When to plant what? – The answer to that question in our area seems to be very simple: on the May long weekend. This has to do with our last frost day, which is around May 25, and the Canadian Victoria day, a holiday that happens to be around the last frost day. Many gardeners here have followed this rule for many years more or less successfully. So why not to follow this general rule?
3 good reasons not to follow the general rule
1. There are plants that could and should be planted long before the last frost day. Plants like spinach, that do better in cooler conditions. Plants like Broccoli, that should be harvested before the cabbage butterfly lays eggs (late July – early August). And plants like onions that need to be started cool and have a longer growing time. Those are all winter crops that do not mind some frost, especially when young. Other winter crops are Kale, cabbage, parsley, peas, cauliflower, lettuce, beets, carrots (partly), radishes, swiss chard (and there are more).
2. But there are also plants that should be planted after the last frost day. Those are summer crops and grow much better in warmer soil. Cold and rainy weather that so often occurs right after the last frost day can harm or even kill them. Eggplants and peppers, along with cucumbers and squash, do better if planted after the last frost day when the weather is really nice and warm.
3. It is a lot of work to plant everything in one go. Even if there would be no other reason to plant plants at different times, this would be a big one for us. I can totally understand when gardeners complain about gardening being such a hard work if they plant everything at the same time and then weed the whole garden at the same time (as is the case if you plant everything at the same time), and then have to harvest everything pretty much at the same time, too. We like things simple: plant, weed, harvest – all staggered over a time period – that way gardening is fun.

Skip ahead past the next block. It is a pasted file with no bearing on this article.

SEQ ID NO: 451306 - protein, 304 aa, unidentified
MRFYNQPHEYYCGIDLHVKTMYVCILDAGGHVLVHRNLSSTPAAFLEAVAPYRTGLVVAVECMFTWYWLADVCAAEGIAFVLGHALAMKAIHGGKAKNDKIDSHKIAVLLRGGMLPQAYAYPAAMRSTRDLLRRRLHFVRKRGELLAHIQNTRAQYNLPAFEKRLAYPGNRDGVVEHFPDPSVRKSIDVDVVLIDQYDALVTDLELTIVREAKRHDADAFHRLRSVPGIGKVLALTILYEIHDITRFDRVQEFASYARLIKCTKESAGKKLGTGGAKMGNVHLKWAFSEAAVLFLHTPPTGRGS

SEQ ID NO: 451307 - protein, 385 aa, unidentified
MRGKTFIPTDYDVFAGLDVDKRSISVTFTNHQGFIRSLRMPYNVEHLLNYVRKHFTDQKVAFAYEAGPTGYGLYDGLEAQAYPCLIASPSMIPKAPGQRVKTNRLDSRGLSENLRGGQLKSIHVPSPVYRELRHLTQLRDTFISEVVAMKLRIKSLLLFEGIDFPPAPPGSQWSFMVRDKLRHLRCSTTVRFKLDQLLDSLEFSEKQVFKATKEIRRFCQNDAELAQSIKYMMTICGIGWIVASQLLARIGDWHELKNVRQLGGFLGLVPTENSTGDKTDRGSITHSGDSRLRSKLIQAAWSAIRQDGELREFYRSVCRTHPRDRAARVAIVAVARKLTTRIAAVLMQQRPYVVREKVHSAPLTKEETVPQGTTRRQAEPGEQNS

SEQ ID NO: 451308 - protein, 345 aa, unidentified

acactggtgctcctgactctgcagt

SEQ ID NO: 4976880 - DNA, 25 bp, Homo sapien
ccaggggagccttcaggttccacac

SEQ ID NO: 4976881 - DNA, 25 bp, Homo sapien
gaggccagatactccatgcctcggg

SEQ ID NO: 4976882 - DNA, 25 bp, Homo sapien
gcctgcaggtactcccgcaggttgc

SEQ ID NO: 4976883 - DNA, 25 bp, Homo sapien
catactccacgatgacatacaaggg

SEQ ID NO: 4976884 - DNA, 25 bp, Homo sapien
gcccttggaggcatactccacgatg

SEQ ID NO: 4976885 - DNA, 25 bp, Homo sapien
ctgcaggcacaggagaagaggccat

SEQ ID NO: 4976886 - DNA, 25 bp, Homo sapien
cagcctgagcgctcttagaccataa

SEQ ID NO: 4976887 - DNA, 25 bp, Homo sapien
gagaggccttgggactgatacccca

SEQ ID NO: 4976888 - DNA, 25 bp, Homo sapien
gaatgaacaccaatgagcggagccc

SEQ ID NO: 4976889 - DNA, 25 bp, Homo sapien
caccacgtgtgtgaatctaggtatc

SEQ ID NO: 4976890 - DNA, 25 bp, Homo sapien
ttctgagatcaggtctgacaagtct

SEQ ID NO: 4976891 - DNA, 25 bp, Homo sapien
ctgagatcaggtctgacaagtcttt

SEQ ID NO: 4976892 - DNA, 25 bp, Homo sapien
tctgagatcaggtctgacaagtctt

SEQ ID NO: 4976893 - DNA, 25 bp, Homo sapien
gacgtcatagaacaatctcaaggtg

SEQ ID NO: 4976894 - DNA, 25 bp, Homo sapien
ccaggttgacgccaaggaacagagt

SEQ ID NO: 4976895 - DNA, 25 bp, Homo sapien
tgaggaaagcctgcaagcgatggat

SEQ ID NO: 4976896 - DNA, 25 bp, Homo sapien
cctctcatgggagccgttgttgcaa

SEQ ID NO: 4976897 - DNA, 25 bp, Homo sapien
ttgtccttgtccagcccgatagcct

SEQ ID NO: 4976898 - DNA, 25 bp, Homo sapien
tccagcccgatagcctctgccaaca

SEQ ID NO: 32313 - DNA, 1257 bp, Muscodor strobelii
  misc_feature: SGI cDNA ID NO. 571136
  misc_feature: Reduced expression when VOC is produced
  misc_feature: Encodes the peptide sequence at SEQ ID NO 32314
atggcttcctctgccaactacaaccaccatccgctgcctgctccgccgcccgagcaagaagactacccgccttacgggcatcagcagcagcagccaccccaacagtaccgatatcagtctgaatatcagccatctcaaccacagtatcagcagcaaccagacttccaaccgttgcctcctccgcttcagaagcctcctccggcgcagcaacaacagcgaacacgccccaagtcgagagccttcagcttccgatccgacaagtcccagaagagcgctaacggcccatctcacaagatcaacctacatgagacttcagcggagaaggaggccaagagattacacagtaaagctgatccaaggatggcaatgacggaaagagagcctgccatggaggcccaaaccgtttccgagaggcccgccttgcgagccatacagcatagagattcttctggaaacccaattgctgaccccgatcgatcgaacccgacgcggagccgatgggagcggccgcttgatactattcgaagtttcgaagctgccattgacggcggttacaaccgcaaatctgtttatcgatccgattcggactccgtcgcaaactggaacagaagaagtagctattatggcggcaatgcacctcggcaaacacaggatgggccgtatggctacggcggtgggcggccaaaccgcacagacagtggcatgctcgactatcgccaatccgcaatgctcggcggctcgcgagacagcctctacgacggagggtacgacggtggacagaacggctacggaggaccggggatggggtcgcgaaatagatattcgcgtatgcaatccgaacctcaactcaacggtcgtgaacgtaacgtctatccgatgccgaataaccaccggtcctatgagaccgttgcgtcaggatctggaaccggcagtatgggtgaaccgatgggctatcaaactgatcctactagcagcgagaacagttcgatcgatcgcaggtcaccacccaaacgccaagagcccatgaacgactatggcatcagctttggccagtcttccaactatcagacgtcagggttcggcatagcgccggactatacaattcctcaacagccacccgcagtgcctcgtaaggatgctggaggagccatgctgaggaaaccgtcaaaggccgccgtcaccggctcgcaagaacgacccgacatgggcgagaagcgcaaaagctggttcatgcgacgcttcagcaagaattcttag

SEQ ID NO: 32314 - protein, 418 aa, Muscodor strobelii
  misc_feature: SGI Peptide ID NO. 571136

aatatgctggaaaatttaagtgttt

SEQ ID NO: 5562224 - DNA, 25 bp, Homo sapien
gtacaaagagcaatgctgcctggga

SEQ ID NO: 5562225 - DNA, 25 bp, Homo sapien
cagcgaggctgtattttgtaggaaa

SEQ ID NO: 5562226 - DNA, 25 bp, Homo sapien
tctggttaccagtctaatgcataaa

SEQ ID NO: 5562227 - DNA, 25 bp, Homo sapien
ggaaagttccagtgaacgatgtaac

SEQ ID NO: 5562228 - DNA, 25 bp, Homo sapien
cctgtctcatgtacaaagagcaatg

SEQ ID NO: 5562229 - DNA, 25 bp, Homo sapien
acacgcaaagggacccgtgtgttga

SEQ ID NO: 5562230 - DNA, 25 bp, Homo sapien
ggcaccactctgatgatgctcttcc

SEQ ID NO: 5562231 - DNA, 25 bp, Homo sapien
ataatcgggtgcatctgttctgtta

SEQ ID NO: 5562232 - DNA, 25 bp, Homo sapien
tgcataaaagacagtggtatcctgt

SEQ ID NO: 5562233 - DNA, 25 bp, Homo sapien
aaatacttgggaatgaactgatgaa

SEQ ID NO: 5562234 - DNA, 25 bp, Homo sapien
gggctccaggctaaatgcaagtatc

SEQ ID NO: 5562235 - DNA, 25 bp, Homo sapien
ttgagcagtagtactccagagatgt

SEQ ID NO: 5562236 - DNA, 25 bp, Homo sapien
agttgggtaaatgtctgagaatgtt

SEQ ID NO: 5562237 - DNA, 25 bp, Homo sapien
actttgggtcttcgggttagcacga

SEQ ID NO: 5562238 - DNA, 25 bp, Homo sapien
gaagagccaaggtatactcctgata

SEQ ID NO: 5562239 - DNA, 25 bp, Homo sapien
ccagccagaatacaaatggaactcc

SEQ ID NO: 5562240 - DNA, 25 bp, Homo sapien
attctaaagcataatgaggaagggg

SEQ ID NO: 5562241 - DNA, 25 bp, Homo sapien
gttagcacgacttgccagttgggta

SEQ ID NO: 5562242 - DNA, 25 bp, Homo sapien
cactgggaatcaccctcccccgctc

Northern Planting Schedule
The weather in our area is very unpredictable. In the years we have been living here we have experienced -20C = -4F in late April and snow in early June. To go by a planting date is almost impossible. There are some guidelines but they are all dependent on the weather. Nevertheless, it is worth to watch the weather and to plant as soon as possible and as late as needed.
Late April: Spinach, peas, onions, lettuce, parsley, kale, and transplants from the whole cabbage family (Broccoli, cauliflower, …).
Early May: Beets, carrots (some like warmer weather, so plant some now, and some later), radishes, swiss chard.
Late May: Carrots, beans, corn (does not grow well here, but it’s worth a try), squash (zucchini), potatoes, tomatoes transplants (might need protection).
Early June: Transplants: Cucumbers, eggplants, peppers, squash (winter).
Expanding the growing season This is a topic for a whole new post, but it is worth mentioning it here. We like to extend the growing season and we find it is simplest to do so in the spring. Young, small plants are relatively easy to cover. The most fun to extend the growing season is with a greenhouse.
Do you have the courage to break some general rules? Have an exiting gardening season!
Companion Planting for the Kitchen Gardener: Tips, Advice, and Garden Plans for a Healthy Organic Garden
You may also like the Spring Indoor Seed-Starting Schedule.